911 on DVD is here!
Getting hired as a public safety dispatcher does not occur in the blink of an eye. It takes time but it is a career well worth it. Some people have had to wait as little as three (3) months and others as long as eighteen (18) months to start. This is a good chance to really prepare yourself for this career. Here is a fair question to ask a potential employer: “Realistically, if I test well and pass your background check, how long is the pre-employment process? I’m just trying to gauge how long the process might be.”
First, know where to look for the jobs. Aside from the listings in our Job Announcements, there are positions that may be listed on various city, county, state and federal government web sites. We will attempt to have links to such jobs on the Jobs In 911 site. If you find a link that we don’t have, please e-mail us and we will link it in this web site.
Almost every public safety agency that is tax-payer driven has a dedicated dispatch center. Since we are based in California, we know for a fact, California has over 500 dispatch centers. Here are examples of place to look:
- Police Departments
- Sheriff Departments
- State/Highway Patrol
- College/University Police
- Fire Departments, including the Division of Forestry
- Airport police
- Ambulance companies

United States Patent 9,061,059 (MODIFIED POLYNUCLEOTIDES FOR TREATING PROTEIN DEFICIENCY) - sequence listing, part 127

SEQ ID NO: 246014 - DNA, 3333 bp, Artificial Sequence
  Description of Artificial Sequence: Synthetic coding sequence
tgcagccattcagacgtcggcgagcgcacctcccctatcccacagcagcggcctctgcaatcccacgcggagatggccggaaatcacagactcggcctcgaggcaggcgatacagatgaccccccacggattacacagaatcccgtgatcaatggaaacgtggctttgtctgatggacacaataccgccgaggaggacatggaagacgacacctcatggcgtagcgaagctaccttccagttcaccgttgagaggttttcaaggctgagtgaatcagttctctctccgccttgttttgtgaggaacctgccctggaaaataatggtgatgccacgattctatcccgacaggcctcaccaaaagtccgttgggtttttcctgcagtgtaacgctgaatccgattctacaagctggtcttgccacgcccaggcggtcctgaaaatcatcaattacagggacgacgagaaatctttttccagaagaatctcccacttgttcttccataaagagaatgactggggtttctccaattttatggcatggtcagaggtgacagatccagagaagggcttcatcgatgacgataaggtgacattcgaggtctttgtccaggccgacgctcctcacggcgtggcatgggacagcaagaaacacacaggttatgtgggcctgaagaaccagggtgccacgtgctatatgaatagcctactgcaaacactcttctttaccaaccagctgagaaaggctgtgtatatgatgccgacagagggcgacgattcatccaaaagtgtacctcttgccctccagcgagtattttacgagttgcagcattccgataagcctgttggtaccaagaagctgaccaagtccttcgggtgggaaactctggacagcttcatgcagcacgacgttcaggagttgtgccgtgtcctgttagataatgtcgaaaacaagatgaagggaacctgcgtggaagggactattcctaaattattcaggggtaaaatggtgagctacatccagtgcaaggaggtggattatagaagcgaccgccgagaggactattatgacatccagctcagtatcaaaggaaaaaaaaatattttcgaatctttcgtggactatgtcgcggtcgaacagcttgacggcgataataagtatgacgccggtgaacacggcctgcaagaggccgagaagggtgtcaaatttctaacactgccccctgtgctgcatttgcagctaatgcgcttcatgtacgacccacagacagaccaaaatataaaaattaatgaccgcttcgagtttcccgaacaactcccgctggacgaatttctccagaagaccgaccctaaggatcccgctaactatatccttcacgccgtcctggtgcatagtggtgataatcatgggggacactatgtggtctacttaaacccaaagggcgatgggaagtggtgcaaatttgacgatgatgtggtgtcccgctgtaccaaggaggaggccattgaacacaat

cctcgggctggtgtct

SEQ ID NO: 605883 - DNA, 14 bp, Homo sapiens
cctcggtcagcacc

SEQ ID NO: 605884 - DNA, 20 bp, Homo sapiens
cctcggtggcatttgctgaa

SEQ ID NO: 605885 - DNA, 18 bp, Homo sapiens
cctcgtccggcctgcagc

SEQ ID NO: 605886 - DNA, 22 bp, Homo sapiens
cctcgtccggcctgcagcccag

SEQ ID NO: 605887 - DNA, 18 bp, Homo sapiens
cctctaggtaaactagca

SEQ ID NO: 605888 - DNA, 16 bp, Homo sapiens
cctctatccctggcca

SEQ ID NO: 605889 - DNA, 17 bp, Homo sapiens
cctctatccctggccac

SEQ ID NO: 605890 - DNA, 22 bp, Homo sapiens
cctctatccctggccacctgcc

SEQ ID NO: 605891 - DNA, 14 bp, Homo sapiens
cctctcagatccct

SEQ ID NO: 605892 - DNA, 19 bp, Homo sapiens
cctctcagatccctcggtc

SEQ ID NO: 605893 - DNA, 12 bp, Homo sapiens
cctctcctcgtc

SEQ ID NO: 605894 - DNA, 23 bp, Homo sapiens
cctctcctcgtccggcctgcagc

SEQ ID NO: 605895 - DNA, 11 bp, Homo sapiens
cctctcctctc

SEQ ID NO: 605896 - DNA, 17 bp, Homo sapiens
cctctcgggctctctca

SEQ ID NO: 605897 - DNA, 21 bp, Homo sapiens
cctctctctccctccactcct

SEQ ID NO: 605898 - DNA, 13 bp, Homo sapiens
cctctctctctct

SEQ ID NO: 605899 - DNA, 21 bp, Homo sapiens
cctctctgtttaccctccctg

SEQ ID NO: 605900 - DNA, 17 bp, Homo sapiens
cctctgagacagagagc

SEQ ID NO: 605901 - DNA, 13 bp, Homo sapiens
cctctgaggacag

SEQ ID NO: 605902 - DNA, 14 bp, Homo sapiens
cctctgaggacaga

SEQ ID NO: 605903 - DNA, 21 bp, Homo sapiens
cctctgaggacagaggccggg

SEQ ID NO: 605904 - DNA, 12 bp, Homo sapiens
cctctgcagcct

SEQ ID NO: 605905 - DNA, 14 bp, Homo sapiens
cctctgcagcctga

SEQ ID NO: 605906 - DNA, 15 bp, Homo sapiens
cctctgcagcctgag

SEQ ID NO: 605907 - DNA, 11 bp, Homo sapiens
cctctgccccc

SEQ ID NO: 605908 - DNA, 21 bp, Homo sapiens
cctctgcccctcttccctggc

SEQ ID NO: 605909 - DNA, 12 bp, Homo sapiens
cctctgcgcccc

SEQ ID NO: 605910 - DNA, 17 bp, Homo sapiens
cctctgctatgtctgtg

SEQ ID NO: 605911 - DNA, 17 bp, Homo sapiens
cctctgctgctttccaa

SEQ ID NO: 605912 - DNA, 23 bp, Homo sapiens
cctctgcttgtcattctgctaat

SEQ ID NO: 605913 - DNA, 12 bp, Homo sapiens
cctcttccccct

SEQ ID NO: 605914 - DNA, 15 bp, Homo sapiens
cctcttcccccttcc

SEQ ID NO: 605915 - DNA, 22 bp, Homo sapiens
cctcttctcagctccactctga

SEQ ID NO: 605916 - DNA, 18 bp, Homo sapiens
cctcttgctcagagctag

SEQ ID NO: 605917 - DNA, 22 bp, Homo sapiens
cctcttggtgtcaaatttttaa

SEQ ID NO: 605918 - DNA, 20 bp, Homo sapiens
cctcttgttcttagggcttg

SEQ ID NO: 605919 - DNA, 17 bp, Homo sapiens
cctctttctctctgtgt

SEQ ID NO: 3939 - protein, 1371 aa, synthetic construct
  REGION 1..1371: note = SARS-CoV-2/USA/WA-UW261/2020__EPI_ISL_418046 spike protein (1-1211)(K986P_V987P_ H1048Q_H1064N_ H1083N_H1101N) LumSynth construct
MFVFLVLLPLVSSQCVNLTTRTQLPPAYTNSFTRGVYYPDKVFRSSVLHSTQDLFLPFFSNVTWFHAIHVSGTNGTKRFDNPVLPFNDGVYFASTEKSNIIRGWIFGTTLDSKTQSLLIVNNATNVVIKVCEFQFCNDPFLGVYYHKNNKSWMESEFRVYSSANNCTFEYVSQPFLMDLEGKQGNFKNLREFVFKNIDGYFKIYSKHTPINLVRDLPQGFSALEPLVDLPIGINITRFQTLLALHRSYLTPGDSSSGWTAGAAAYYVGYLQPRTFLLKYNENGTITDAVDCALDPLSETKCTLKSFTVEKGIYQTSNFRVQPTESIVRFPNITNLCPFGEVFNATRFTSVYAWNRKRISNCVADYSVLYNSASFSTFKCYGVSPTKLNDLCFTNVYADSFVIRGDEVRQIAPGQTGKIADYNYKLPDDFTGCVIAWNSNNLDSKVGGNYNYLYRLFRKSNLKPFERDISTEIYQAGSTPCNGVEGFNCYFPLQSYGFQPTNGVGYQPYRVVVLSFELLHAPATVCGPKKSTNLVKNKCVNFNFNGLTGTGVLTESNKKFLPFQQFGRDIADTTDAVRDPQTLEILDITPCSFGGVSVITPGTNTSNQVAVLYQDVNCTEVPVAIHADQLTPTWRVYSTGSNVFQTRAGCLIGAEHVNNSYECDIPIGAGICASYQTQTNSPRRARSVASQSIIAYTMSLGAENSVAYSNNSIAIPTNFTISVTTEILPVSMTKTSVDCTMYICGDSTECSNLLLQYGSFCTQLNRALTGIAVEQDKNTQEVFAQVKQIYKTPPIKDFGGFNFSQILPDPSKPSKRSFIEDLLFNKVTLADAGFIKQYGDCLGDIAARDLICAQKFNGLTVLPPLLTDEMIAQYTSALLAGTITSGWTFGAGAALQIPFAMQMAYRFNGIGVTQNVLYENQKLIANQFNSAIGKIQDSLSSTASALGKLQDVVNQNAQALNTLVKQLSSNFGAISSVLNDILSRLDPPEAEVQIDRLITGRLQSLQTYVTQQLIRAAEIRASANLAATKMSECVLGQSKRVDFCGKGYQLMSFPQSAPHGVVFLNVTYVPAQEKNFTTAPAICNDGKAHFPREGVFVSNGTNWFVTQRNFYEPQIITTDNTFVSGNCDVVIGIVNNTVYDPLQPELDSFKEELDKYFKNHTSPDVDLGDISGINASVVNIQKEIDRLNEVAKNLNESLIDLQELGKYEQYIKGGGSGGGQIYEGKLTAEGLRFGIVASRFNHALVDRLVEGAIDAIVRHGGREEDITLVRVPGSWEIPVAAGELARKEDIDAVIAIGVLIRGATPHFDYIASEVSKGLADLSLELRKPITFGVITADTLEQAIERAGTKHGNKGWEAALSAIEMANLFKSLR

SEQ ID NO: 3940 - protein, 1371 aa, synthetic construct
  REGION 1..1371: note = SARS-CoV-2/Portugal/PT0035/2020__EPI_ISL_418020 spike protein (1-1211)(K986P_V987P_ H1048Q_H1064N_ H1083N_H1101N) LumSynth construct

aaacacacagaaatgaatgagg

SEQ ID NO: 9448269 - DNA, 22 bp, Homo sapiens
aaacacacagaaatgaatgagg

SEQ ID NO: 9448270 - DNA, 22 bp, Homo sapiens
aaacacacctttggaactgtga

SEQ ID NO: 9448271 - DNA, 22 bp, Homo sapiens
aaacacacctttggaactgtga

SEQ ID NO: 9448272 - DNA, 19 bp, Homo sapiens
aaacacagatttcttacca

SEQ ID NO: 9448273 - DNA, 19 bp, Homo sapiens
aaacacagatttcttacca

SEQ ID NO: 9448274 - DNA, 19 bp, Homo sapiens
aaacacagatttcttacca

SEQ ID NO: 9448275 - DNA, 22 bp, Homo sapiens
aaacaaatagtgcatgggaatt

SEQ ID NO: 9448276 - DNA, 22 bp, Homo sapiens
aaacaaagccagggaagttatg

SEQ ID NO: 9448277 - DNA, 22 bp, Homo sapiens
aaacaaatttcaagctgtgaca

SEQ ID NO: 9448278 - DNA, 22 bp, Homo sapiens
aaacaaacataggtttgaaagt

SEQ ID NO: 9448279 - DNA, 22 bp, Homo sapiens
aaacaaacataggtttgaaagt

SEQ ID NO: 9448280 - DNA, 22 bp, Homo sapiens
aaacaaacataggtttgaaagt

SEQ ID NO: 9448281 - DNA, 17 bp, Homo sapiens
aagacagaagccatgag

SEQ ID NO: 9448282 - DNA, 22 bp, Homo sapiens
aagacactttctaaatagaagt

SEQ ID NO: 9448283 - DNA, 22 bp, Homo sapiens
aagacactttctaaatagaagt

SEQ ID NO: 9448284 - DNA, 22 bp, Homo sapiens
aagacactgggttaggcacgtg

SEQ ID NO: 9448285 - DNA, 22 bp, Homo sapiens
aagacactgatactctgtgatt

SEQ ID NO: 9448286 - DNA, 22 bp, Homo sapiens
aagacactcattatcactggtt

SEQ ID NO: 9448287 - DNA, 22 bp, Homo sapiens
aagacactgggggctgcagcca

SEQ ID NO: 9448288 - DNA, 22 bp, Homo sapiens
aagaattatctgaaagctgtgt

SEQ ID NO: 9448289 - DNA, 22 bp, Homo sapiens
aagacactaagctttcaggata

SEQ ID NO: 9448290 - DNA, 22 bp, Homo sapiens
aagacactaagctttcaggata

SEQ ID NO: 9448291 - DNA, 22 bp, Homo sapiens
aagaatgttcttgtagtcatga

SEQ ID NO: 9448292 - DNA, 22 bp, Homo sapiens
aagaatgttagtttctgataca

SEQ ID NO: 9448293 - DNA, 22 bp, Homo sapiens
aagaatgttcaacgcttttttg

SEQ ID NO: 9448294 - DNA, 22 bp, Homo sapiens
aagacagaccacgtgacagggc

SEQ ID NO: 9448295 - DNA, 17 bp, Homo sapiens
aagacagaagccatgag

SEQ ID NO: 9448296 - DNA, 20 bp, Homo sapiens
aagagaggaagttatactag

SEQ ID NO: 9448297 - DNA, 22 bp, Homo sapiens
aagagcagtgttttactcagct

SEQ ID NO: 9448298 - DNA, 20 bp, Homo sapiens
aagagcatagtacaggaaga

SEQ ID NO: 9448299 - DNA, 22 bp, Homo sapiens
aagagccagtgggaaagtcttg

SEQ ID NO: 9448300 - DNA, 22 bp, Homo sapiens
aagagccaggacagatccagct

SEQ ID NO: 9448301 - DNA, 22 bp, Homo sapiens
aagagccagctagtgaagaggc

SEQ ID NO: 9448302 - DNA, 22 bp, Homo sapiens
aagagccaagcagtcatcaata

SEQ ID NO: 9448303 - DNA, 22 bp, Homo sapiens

- National Park Services
- Military Police
- Department of Homeland Security (DSH)
- Immigration and Customs Enforcement (ICE)
Another task you will be faced with is finding out where the dispatch center is located. Find the non-emergency phone number to your police or sheriff’s department. Call them during business hours (though centers are always open, staffing is sometimes better during the day shift or the management team is easier to find during business hours.) Ask to speak with the Communications Supervisor.
Though we focus on public safety agencies, there are also dispatchers within other businesses. Fortune 500 companies and high tech firms often have their own dispatch centers too. Almost anywhere that has a security guard has a dispatcher somewhere:
- Airline companies
- Auto clubs
- Tow truck companies
- Telematics companies (such as OnStar and ATX)
- Amusement Parks (such as Disney, Sea World, Boardwalk, etc.)
- Security companies
- Transport companies (such as private ambulances, trucks, railroad, etc.)
These jobs are sometimes very well paid and others are considered entry level and as such, don’t command a high pay rate.
One challenge is to see how the position is listed. The position might be listed as:
- Public Safety Dispatcher
- Police Dispatcher
- Fire Dispatcher
- Call Taker
- 9-1-1 Call taker
- 9-1-1 Dispatcher
- Telecommunicator or Emergency Telecommunicator
- Communications Dispatcher
- Communications Specialist
- OR as an acronym based names like PSDI (public safety dispatcher 1)
We should probably let you in on a secret. Communications Supervisors are just like dispatchers. Some are fantastic and some get overwhelmed at work and somehow get a little nasty when people call them. We strongly suggest that you have some well thought out questions (see below) before dialing.
I know that, personally, I have had people on the phone so busy tripping over their words that I almost rule them out before they even say their name. Sadly, we make snap judgments on applicants so sound professional and flexible when you call a Supervisor for employment information.